- First pass - Key all the key poses. These are the strongest most important poses which define actions and gestures.
- Move key poses around to get the desired timing. At this stage you should be able to see which poses are working well.
- Second pass - Add breakdown poses. These are crucial to creating interesting movements and better timing.
- Third pass - Add inbetween poses. These refine the movements in between the key poses and breakdowns.
- When animating at 10 frames per second, you may find there is not enough room for breakdowns and inbetweens in the traditional sense.
- Consider Robothespian's real world physical limitations, such as head and torso movement speeds and keeping the arms in safe positions.
- The real life robot can only move at a certain speed which could be slower than the timing you have specified in placing your key poses.
- Leave eye darts (rapid eye movements) and blinks to the very last. Doing so will keep you animation easier to manage until you are happy with the body movement.
- Create nice arcs with the arms and head. Breakdown and inbetween poses help define smoother more natural movement arcs.
- Try not to twin movements. Twinning is a term used in animation where body parts tend to mirror one another and are synchronized. Your key pose can be a mirror, just try to make the movement to the pose asynchronous. Even the slightest delay will help make the movement nicer if everything has some offset. This is currently hard to achieve with the current VR tools.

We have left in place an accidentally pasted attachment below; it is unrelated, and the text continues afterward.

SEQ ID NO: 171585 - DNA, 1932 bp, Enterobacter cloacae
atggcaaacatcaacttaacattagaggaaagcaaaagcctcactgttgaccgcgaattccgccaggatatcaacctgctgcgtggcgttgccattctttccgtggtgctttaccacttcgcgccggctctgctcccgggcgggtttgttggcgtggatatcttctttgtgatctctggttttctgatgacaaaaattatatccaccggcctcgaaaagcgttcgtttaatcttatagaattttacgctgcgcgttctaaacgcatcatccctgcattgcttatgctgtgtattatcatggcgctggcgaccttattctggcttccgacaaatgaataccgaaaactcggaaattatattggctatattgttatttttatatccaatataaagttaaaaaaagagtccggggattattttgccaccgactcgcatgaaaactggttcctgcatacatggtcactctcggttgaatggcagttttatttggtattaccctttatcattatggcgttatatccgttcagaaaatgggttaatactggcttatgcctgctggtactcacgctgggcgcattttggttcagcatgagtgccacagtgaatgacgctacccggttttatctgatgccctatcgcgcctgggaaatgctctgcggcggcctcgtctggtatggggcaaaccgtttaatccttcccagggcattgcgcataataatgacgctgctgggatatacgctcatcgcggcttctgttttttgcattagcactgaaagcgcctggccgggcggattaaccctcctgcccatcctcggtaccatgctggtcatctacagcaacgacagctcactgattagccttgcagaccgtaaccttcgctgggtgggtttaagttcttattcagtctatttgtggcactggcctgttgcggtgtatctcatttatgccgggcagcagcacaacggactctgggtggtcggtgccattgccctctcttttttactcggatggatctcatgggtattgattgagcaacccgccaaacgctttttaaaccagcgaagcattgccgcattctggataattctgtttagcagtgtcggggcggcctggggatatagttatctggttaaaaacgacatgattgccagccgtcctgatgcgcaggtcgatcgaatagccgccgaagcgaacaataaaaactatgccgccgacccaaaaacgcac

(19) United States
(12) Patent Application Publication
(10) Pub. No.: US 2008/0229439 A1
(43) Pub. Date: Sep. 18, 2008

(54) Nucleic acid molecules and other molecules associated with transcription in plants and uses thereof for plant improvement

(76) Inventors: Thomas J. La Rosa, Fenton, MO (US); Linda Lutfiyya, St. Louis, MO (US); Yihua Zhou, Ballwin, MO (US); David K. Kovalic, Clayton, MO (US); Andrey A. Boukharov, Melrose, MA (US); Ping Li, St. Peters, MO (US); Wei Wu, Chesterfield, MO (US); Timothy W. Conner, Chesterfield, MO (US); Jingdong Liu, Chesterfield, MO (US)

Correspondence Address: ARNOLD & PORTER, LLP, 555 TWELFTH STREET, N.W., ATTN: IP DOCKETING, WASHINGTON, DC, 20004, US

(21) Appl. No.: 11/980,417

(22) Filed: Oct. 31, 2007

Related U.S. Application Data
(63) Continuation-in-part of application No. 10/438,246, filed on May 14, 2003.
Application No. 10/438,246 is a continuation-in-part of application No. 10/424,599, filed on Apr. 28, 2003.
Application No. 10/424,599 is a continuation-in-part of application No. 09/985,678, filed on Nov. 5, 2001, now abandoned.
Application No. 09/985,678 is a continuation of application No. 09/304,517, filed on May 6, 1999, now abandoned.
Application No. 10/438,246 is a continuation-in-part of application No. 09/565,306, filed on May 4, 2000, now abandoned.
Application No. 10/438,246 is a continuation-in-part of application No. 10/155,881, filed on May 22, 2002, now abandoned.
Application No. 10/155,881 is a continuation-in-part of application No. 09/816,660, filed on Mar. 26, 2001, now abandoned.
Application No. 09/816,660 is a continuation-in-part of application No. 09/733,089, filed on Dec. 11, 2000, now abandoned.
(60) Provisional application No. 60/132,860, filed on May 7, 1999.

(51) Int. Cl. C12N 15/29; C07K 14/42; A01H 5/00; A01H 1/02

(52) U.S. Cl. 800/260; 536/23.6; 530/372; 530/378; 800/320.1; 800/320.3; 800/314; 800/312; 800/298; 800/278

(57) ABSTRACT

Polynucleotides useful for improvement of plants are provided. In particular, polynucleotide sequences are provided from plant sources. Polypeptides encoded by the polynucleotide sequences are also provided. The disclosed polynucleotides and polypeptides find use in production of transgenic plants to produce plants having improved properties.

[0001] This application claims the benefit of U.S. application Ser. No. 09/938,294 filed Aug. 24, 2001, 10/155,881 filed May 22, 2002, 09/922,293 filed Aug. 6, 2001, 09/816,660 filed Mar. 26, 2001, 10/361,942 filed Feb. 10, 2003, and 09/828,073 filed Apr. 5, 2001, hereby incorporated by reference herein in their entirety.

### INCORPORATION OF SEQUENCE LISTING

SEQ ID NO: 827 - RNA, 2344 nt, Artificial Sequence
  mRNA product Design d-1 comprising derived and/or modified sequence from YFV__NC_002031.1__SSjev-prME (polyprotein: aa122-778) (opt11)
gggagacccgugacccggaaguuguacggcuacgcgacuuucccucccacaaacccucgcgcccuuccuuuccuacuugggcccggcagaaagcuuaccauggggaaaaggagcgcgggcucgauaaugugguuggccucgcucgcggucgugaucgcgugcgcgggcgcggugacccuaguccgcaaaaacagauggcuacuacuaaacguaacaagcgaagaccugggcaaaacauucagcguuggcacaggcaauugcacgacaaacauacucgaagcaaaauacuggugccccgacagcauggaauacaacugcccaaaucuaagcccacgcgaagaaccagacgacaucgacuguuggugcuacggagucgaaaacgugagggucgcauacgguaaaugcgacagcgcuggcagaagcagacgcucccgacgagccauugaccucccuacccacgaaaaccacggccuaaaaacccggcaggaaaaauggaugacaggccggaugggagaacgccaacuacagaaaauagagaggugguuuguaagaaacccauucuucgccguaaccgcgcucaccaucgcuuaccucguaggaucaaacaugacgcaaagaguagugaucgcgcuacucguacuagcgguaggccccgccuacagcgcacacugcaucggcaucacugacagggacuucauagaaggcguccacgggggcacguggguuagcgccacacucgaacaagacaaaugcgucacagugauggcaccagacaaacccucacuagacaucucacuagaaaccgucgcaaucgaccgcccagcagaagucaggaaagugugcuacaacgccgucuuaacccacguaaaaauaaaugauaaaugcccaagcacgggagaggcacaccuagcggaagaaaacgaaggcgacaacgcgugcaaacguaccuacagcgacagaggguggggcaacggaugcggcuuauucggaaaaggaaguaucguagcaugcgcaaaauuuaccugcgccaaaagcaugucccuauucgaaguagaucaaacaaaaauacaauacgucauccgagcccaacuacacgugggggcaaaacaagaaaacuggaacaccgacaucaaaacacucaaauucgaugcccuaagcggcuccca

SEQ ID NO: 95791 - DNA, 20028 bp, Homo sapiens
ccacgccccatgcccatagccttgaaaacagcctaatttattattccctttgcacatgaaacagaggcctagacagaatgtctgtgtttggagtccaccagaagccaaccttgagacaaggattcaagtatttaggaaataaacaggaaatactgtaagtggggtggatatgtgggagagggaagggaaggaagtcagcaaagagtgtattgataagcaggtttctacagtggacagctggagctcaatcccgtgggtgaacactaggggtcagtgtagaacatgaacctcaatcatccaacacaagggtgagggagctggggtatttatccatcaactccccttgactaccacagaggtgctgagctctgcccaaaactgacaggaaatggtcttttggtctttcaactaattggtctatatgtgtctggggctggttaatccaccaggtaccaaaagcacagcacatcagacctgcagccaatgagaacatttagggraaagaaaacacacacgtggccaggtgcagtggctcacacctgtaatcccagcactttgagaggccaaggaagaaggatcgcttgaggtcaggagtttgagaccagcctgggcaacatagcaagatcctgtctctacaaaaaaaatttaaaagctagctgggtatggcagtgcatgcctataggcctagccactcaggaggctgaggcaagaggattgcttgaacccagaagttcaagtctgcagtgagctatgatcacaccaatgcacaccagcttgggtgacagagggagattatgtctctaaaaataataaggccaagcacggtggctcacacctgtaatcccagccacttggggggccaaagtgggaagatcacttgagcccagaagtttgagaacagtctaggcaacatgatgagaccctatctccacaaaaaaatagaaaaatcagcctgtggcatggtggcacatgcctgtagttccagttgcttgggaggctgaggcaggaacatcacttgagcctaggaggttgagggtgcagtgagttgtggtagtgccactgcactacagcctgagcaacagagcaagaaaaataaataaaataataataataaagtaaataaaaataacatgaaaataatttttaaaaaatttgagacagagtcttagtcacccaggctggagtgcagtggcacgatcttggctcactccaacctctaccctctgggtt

- Use moving holds. When people move they don't gesture and hold still, they keep moving. Subtle movement in and out of gesture poses helps sell the performance.
- KISS "Keep it simple, stupid' is a valuable acronym to keep in mind. Clear poses and simple movements between them will work best on Robothespian.
If things are not working and you are spending too much time being frustrated whilst animating. Maybe its time to take a step back. Don't be afraid to go back to the drawing board and start over. Its always better to spend time planning what you intend to do. The end result will always be better and often get produced faster with a solid plan in place.
Things to avoid
- Don't give the Robothespian a case of 'RandomBlinkitus'. Too many blinks, which are not timed to any particular gesture, movement or piece of dialogue will make the performance weaker
- Don't make Robothespian move constantly or thrash about. It looks strange, doesn't engage people and will potential cause a mechanical wear and tear.
- Don't make Robothespian gesture too much with each piece of dialogue.
- Keep in mind that RT cannot touch his own face or body.
- Try not to position the arms above the head, whilst twisted back. This will potentially cause the arm to flip backwards and suddenly forwards again.
When animating a performance from scratch, its good practice to keep your timeline as clean and simple as possible. This will make future editing and late changes easy to accommodate. Currently the best method for organising your projects in VR, is to use both motion tracks. Keeping all the body keys on one track and the eye and lighting keys on the other. Separating the eye and lighting keys from the body keys, allows you to concentrate on the body first. Using this method should produce faster results, by leaving the small details to last. The eyes are the most time consuming and important part of animating RT. They are dependent on head and body position, which is why its important to animate the body first.